Site Logo

Marai v The King [2023] NSWCCA 224

See full judgment: Austlii.

The offender was sentenced following a plea of guilty to 1 count of using a carriage service to procure a person under 16 years for sexual activity contrary to s 474.26(1) of the Commonwealth Criminal Code. Original sentence imposed 3 years imprisonment to be released after 1 year and 8 months on recognizance. The offender appealed on the ground that the sentencing judge failed to take into account the offender’s time in pre-sentence immigration detention.

Commencement of Sentence: Offender was previously serving an ICO for a state offence until taken into custody for the Commonwealth offence, at which time the ICO was revoked and offender was taken into custody. Offender’s visa was cancelled due to the state criminal conviction. Offender entered immigration detention on 9 March 2022. On 4 June 2022, the Department of Home Affairs issued a Criminal Justice Stay Certificate at the request of the CDPP made in February 2022 to prevent offender’s removal or deportation.

Failure to Consider: The reasons for sentence noted counsel’s request to backdate the sentence commencement, but in a transcript of proceedings after the Remarks on Sentence were delivered, the sentencing judge stated ‘I make it clear I have not regarded the immigration detention as referable to the sentencing process’. In failing to provide reasons for not taking into account the period offender had spent in immigration detention when that matter had been raised in the proceedings, the sentencing judge erred in the exercise of their sentencing discretion. Further, the sentencing judge not providing reasons and only announcing their decision that the immigration detention was ‘not referable to the sentencing process’ after delivering their sentencing remarks strongly suggests that the sentencing judge erred by failing to take into account the period in detention.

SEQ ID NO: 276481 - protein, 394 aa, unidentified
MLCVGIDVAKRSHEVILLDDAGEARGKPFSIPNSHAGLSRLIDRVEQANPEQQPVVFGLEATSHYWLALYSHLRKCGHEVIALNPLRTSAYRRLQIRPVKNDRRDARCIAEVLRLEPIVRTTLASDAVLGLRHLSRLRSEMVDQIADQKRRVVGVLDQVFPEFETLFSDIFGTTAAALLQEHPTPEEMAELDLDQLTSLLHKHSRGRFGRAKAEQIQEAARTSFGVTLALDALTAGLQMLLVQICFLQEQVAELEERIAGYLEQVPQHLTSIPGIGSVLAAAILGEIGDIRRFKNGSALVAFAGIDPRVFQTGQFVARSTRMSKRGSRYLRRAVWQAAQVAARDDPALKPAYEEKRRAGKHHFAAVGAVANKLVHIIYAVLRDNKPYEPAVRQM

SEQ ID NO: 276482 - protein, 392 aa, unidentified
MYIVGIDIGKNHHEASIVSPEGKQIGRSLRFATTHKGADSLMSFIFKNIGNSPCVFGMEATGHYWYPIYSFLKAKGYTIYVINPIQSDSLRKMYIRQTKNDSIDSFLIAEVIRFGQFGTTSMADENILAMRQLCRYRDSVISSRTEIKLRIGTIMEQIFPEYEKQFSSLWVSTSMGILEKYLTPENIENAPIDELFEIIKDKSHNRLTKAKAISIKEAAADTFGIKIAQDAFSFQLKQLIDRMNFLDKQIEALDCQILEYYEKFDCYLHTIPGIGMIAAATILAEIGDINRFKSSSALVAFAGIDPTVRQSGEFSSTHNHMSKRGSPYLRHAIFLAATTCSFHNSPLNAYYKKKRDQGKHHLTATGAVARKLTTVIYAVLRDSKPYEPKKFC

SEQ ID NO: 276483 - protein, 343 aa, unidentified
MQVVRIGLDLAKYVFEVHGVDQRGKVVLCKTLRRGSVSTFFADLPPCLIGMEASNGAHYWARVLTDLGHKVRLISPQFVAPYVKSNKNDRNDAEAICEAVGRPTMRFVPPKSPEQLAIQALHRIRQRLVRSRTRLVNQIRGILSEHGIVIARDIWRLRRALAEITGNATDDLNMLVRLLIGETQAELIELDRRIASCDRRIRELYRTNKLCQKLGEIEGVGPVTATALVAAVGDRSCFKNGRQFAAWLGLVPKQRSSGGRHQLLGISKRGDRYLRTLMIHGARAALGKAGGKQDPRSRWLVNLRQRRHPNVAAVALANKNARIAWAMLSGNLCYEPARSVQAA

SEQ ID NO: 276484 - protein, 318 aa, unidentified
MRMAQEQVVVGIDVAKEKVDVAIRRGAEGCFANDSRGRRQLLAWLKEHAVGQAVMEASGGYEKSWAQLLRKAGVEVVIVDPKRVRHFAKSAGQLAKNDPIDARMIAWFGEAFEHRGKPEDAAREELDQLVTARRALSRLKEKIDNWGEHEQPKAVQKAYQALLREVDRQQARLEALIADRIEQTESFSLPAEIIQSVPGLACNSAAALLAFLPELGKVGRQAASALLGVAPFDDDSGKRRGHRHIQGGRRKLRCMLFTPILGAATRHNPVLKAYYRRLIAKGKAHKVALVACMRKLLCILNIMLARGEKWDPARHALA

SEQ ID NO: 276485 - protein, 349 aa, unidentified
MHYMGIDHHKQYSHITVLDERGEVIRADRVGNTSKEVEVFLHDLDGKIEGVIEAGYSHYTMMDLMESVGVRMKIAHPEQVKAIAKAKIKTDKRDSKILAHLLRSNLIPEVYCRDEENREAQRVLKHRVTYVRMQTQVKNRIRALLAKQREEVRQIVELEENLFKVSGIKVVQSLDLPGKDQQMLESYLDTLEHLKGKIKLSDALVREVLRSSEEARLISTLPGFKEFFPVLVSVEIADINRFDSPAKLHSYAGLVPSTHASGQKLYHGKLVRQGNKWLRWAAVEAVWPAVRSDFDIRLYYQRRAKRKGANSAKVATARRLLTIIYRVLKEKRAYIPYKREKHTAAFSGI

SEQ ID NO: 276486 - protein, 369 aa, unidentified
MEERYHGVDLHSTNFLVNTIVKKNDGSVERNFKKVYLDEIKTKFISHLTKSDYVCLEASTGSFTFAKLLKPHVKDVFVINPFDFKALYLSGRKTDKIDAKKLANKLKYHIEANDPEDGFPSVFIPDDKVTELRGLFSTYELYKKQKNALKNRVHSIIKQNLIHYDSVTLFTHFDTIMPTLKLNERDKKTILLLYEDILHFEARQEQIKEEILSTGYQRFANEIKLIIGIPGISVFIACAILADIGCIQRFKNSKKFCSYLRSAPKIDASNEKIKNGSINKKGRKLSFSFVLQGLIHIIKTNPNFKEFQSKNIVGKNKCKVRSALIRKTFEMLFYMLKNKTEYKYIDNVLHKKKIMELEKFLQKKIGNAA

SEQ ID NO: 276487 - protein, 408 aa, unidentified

Referable Period: For all of the time that offender was in immigration detention, they were so because of the request of the Commonwealth that they remain in Australia for the purpose of the prosecution. Offender’s detention was in relation to the offence for sentence. Although offender was in immigration detention for 2 reasons for part of the time, the CDPP request was a factor in that detention. The delay in the making and granting of the CDPP’s request should not operate to the detriment of offender. Offender’s period in immigration detention from 9 March 2022 should be treated as referable to the offence. Offender’s sentence should be backdated, pursuant to the general discretion in s 47(2) of the Crimes (Sentencing Procedure) Act 1999 (NSW) (operating via Crimes Act 1914 (Cth) s 16E). Evidence of hardship while so detained is not necessary for the backdating to occur.

Orders: Leave to appeal granted, appeal allowed, original sentence set aside. Offender resentenced to 3 years imprisonment to be released after 1 year and 8 months on recognizance (unchanged). The commencement date is backdated to take into account the 211 days offender was in detention. As this would result in a release date which has passed, backdating set to that offender is released the day after the orders of the Court.

The CSD acknowledges Aboriginal and Torres Strait Islander peoples as First Australians and recognises their culture, history, diversity and their deep connection to the land. We acknowledge that we are on the land of the traditional owners and pay respects to Elders past and present.

© 2023 The National Judicial College of Australia (NJCA). Powered by

Privacy Policy|Terms and Conditions